Good bye for now!

Cheryl (Setch)

Sunday, June 15, 2008

Day 10 - Hazard to Berea

After a full day of rest yesterday, I was eager to get back on my bike. I have to admit, I missed it. My knees felt great, and overall I felt refreshed and ready to ride hard. I knew today's ride was going to be a long day. We started out at 7:30am and pulled into the hotel parking lot around 6:00pm this evening. Today's ride was 106 miles and we spent 9 hours on the bike as we rode from Hazard to Berea. My butt is sore! Other than that, I feel pretty good. Bob is continuing to ride strong, but Sam's knees are giving her some problems, especially on hills. However, she rode hard despite the pain and we all finished the ride together.

The ride consisted of mostly back country roads where towns were few and far between. The roads were well paved and we were able to ride pretty fast this morning. The temperatures stayed cool in the AM, but crept up to low 90s by mid-afternoon. Since we had so many miles to cover in order to stay on schedule, we decided to forgo our usual hour long lunch break for a quick 10 minute rest at a gas station where Jesse and Sharon were waiting for us. We scarfed down some bread with peanut butter and honey and hit the road again. We would not see Jesse and Sharon for another 4 hours. The ride through the Kentucky back roads consisted of rolling hills and farmland. It was beautiful, but Sam's knees gave her trouble on the hills.

The day was almost perfect except for those damn dogs! I am not exaggerating when I say that we were chased by at least a dozen dogs. Dogs of all breeds, shapes, sizes, colors, and temperaments. Some dogs just wanted to come along for the ride, that was pretty cool, they were usually the little cute ones. Then there were the dogs that were looking for lunch and my leg seemed to be the most appetizing thing around. I saw my life flash before my eyes when I was chased by a BIG German Shepherd. Good thing I'm an efficient shifter or else that German Shepherd would have gotten a chunk out of my left foot. I was able to sprint away at the last second. There was also another close call by a dog that resembled the "Monster" from the movie the Sandlot. He didn't look particularly quick, however, I found out the hard way that he had an extra gear, which he used to try and catch me! I'm seriously considering buying some doggie treats to keep in my pockets as I ride, but I'm almost positive a big German Shepherd would not stop a high speed chase to snack on a Milk Bone. I usually end up squirting the dogs with my water bottle, that usually does the trick. Maybe I should just watch a few episodes of the Dog Whisperer on TLC.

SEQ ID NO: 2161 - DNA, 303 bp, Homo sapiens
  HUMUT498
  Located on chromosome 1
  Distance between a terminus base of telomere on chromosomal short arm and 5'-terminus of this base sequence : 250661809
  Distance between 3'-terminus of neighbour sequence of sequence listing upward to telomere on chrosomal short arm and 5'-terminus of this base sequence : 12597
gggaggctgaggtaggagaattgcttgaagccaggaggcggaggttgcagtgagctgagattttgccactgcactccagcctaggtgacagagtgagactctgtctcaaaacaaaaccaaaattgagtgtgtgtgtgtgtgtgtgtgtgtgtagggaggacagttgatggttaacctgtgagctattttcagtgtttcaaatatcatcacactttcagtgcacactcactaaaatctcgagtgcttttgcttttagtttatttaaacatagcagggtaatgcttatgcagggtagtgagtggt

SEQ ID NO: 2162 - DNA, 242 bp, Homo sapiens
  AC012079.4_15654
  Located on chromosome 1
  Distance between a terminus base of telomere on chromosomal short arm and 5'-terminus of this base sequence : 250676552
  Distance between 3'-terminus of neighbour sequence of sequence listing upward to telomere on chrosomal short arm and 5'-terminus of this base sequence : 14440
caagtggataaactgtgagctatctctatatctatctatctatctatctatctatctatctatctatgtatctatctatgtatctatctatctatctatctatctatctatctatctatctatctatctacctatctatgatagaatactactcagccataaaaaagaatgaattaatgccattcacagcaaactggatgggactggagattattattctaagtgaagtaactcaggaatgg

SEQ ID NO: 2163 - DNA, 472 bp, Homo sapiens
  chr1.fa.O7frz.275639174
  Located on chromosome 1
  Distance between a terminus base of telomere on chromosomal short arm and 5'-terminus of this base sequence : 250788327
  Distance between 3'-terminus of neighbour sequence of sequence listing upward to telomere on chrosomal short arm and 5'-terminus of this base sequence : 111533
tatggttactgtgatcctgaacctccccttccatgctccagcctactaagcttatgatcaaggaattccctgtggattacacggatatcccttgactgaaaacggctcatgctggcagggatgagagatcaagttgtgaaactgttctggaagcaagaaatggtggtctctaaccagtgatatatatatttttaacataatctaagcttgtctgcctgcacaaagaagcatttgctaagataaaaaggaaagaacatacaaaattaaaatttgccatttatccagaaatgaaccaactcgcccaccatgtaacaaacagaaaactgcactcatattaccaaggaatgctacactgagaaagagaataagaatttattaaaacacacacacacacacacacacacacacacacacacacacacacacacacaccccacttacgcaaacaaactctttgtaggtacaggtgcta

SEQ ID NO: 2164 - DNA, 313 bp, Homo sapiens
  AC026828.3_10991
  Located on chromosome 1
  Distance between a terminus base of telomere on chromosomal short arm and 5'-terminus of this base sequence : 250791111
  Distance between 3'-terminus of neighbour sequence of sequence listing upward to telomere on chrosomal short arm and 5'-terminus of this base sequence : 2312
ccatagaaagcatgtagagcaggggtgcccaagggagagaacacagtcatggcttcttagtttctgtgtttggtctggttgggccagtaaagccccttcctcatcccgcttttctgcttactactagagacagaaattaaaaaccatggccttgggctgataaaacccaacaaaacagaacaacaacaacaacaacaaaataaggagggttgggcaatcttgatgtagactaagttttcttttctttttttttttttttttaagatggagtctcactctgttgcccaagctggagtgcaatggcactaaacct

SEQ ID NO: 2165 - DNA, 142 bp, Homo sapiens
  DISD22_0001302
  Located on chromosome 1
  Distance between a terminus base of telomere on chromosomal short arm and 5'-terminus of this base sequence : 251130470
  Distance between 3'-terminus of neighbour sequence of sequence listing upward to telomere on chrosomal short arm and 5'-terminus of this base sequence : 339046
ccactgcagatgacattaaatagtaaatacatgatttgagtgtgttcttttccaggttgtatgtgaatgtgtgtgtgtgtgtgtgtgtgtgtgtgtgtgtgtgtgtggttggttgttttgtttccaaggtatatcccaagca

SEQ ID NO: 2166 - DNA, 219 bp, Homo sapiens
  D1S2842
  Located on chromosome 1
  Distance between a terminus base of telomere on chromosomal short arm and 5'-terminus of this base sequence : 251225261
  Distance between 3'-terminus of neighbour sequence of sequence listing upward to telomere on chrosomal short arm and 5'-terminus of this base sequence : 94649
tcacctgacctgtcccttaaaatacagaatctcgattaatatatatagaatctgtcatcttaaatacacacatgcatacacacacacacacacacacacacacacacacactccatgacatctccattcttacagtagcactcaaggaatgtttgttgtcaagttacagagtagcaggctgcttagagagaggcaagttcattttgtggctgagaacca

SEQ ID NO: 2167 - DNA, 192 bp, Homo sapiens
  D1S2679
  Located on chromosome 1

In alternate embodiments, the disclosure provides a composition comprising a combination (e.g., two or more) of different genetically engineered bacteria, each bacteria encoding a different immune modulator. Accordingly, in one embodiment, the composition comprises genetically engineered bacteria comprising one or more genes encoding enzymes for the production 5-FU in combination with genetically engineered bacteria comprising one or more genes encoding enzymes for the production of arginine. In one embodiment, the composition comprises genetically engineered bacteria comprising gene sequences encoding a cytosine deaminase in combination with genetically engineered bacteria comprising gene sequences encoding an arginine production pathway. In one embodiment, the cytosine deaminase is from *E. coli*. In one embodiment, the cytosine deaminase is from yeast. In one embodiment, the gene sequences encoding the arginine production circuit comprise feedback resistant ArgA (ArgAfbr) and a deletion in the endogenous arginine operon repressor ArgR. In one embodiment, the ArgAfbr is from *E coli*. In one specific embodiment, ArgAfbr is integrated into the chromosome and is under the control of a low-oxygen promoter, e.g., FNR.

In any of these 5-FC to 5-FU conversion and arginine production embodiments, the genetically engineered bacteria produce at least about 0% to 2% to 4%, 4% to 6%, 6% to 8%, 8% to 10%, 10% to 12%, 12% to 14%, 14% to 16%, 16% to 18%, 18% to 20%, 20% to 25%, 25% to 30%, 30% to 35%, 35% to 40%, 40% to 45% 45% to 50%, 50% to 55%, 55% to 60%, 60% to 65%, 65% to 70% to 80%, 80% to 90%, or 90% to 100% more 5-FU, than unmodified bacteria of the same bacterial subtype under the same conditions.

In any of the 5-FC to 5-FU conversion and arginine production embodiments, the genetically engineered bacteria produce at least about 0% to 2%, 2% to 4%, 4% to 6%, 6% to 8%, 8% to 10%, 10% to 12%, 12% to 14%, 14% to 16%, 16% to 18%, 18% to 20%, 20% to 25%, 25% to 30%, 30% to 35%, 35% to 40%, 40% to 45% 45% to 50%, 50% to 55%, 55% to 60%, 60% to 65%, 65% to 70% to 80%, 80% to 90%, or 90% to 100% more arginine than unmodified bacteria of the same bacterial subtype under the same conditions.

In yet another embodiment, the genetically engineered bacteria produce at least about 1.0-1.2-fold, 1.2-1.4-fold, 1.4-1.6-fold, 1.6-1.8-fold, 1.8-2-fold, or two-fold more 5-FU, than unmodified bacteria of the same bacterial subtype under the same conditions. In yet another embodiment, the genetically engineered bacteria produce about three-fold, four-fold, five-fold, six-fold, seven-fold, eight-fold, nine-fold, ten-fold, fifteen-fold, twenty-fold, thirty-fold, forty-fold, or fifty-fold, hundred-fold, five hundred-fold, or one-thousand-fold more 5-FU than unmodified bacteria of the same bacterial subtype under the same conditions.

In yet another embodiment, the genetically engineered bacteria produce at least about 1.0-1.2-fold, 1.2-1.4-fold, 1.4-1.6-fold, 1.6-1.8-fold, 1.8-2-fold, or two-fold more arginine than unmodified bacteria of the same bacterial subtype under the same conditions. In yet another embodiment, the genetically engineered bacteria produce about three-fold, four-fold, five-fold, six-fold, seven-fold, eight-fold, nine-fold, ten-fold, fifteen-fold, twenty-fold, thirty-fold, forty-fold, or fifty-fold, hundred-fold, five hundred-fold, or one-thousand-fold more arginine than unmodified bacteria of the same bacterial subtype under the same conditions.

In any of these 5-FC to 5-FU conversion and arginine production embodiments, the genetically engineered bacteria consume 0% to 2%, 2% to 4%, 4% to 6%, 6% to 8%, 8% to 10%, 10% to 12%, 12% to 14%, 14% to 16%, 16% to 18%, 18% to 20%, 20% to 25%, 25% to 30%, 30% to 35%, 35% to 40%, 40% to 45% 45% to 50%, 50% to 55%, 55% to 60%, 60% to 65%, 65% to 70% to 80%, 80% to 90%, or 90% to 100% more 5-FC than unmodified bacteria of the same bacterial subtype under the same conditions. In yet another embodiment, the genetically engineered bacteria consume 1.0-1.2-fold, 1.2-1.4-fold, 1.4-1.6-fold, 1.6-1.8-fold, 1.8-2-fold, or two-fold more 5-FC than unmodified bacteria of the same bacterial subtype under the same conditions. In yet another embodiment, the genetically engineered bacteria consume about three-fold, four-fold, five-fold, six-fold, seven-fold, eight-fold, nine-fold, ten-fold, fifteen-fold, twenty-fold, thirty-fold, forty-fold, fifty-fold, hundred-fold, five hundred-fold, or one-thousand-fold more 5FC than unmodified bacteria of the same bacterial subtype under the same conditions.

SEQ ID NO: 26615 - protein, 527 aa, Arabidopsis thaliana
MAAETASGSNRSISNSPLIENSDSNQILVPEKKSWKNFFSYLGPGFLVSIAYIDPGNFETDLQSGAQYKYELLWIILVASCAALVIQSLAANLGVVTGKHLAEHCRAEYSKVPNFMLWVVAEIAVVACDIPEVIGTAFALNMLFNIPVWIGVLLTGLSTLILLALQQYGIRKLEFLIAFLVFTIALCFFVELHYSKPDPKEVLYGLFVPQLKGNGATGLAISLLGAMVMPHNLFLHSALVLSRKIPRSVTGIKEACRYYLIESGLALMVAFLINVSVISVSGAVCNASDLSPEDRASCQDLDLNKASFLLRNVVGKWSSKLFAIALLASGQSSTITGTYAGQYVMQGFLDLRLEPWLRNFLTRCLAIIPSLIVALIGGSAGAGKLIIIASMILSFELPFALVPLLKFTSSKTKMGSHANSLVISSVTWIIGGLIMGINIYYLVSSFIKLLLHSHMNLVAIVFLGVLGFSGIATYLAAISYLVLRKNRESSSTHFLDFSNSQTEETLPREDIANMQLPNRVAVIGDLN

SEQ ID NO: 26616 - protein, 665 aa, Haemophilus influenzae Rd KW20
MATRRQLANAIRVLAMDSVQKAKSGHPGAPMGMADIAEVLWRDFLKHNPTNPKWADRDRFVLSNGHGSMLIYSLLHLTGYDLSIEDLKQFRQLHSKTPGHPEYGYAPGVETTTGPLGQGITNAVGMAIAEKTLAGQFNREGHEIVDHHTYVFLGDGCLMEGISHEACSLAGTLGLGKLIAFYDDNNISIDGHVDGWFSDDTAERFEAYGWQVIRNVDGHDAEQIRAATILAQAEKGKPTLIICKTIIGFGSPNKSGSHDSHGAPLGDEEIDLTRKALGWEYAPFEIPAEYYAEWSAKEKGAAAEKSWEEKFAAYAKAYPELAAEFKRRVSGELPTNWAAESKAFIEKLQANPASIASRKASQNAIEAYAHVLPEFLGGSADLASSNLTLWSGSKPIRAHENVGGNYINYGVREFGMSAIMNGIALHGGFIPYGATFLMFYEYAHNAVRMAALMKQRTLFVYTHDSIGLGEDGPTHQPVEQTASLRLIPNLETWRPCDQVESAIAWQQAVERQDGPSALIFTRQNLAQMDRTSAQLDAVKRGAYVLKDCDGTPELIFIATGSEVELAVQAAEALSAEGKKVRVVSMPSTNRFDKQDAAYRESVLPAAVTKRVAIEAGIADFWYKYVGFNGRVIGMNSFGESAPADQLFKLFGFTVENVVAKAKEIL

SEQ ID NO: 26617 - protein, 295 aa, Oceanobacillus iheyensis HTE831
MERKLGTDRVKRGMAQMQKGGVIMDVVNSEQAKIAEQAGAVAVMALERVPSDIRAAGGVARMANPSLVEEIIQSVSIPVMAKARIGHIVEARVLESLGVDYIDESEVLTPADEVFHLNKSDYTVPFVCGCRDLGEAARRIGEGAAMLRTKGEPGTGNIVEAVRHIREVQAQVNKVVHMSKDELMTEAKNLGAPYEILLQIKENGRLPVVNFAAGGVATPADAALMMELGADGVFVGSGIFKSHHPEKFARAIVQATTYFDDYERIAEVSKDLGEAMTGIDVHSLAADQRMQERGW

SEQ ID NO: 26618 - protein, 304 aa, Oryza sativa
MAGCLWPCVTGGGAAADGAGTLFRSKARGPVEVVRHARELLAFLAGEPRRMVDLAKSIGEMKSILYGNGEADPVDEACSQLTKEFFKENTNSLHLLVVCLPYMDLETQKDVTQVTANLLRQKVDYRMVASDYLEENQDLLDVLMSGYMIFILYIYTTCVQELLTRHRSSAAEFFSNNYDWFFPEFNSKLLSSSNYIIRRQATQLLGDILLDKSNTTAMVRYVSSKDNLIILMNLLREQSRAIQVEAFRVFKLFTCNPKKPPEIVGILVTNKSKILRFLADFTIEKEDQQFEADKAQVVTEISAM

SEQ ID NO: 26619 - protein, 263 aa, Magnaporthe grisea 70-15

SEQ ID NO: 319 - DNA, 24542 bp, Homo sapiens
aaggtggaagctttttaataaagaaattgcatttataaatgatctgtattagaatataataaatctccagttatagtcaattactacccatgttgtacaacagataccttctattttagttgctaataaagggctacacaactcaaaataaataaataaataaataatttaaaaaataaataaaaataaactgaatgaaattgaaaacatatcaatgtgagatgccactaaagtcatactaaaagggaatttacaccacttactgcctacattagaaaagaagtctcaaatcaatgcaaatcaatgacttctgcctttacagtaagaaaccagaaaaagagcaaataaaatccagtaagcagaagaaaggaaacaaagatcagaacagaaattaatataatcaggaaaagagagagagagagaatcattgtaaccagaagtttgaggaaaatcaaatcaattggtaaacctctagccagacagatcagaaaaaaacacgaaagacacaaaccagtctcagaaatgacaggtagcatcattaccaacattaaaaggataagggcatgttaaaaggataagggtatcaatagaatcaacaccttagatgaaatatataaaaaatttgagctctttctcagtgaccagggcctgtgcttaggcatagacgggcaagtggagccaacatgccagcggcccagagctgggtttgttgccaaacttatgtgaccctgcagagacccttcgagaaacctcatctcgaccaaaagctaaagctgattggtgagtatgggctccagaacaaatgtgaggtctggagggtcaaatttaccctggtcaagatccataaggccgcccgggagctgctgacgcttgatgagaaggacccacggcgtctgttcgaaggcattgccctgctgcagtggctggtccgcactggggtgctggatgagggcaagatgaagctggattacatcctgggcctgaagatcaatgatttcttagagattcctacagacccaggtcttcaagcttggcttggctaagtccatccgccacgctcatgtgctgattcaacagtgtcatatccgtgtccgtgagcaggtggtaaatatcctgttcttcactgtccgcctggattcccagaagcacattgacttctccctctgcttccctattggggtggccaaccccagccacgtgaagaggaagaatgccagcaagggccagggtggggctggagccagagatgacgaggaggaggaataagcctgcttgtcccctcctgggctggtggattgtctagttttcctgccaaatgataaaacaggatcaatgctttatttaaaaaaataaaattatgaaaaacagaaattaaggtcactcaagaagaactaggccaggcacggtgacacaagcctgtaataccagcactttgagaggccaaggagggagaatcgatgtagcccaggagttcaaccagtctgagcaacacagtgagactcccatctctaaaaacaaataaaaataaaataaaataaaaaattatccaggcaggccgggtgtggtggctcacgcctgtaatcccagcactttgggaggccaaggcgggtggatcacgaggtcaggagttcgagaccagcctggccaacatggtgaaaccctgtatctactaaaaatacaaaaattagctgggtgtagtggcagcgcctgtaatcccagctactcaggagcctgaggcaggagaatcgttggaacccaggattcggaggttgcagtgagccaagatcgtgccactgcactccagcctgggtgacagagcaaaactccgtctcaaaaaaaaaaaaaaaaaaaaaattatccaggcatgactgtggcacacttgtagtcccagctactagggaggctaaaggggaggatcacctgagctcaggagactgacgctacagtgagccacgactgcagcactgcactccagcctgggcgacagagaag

Since it was Sunday, we pretty much had the entire road to ourselves. We passed a horse and buggy and few other folks riding horseback. Overall, a great day for riding. Tomorrow we ride 94 miles to Bardstown, Kentucky. Garrison Smith and his family are supposed to be joining us and releiving Jesse and Sharon of thier duties as our support crew. We'll miss Jesse and Sharon dearly, but we are excited to have the Smith's jump on board. Garrison will be riding with us for about 10 days.